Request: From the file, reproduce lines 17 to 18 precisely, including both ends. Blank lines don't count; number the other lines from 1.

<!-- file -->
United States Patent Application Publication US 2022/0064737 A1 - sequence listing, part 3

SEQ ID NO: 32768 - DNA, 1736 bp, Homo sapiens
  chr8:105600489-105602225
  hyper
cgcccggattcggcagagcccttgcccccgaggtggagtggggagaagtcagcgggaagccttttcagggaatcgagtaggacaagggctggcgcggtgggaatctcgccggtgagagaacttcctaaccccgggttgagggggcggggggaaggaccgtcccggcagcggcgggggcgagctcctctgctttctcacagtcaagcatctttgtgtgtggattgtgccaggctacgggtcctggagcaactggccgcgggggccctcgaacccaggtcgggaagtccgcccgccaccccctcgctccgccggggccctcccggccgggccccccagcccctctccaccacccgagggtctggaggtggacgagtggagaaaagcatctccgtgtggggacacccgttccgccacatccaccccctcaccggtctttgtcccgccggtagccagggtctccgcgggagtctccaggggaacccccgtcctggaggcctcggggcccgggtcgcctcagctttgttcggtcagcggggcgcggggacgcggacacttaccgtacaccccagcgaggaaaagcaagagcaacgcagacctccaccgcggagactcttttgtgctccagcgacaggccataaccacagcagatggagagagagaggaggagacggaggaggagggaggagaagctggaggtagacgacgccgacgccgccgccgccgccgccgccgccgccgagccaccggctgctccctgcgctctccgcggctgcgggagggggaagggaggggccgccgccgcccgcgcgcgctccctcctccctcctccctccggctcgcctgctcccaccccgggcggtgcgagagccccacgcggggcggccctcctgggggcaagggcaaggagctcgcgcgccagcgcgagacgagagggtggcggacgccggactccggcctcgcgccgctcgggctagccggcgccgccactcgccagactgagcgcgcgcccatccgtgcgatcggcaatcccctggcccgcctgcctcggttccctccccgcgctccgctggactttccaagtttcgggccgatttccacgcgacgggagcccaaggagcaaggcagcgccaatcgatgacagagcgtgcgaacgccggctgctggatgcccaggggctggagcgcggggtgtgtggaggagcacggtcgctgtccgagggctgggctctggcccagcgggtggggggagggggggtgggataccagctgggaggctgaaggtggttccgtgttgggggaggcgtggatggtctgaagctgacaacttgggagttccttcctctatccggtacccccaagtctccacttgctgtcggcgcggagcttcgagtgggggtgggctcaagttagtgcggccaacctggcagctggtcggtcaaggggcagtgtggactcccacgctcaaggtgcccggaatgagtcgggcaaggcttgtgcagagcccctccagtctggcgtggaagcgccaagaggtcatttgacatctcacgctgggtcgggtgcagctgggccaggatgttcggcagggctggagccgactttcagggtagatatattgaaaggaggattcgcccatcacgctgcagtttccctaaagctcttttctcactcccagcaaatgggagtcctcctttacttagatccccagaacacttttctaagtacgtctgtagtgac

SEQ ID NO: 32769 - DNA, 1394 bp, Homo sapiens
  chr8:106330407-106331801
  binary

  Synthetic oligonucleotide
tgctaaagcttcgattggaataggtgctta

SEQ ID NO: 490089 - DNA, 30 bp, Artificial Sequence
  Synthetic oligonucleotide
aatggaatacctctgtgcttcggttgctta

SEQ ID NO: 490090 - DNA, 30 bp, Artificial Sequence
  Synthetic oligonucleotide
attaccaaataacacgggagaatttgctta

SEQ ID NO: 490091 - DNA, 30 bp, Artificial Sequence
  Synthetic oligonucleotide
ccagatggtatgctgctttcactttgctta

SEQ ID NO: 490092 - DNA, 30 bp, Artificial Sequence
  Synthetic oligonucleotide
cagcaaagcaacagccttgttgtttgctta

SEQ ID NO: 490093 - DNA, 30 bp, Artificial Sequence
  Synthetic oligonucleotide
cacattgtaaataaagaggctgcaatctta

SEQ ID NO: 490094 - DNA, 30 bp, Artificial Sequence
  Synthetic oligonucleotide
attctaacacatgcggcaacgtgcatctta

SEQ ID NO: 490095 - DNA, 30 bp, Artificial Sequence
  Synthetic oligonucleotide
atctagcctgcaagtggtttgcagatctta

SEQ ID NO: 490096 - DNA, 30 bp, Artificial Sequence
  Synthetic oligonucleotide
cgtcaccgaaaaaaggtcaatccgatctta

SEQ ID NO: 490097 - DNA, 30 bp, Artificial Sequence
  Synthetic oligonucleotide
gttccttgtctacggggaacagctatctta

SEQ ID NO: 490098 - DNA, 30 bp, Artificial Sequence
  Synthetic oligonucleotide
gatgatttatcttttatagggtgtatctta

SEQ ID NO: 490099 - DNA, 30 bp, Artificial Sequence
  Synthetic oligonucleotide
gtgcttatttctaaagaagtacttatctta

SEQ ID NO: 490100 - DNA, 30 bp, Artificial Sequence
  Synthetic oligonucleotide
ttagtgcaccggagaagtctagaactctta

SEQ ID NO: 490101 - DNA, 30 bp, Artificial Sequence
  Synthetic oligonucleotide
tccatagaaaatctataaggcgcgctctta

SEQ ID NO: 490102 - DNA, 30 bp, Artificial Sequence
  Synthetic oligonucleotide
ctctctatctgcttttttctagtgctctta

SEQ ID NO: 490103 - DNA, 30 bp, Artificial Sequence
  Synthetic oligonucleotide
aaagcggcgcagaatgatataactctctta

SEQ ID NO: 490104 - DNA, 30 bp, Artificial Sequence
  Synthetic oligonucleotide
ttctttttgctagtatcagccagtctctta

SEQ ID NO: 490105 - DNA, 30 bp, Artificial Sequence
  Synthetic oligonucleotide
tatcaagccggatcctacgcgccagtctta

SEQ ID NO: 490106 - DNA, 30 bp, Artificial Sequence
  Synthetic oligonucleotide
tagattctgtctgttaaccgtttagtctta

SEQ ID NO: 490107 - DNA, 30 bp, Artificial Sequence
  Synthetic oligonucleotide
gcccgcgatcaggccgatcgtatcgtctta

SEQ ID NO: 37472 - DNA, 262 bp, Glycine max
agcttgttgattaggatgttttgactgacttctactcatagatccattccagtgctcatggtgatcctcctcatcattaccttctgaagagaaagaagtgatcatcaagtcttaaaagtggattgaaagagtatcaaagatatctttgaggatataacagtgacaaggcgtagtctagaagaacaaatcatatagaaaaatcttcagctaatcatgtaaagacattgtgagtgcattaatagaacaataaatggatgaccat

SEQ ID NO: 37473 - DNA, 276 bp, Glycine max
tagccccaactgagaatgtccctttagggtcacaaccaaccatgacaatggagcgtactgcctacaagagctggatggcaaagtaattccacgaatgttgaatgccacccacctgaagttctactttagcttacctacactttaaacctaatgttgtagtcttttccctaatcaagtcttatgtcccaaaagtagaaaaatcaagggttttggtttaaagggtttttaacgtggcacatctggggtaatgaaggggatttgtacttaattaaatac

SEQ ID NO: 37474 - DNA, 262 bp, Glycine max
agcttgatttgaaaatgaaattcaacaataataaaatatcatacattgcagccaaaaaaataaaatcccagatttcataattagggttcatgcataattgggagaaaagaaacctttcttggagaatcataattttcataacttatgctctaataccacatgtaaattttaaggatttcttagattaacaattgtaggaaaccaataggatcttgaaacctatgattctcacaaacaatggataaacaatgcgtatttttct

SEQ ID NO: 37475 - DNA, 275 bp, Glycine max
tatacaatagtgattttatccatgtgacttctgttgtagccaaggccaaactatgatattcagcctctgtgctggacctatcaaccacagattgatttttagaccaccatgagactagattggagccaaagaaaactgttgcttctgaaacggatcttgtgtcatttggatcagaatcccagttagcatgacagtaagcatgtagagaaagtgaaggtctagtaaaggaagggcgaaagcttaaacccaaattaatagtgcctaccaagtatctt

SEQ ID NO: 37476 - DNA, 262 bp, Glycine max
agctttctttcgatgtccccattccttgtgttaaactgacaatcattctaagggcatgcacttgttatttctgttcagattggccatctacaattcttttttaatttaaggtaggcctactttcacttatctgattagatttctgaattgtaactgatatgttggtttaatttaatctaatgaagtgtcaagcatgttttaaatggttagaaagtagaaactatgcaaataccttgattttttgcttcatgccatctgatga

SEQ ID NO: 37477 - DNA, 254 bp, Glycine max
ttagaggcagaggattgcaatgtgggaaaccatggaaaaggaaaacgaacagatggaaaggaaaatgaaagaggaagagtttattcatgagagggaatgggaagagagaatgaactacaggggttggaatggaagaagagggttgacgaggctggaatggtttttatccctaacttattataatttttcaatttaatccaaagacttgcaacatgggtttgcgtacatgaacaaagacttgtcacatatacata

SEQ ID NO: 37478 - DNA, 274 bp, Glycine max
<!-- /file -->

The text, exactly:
SEQ ID NO: 490091 - DNA, 30 bp, Artificial Sequence
  Synthetic oligonucleotide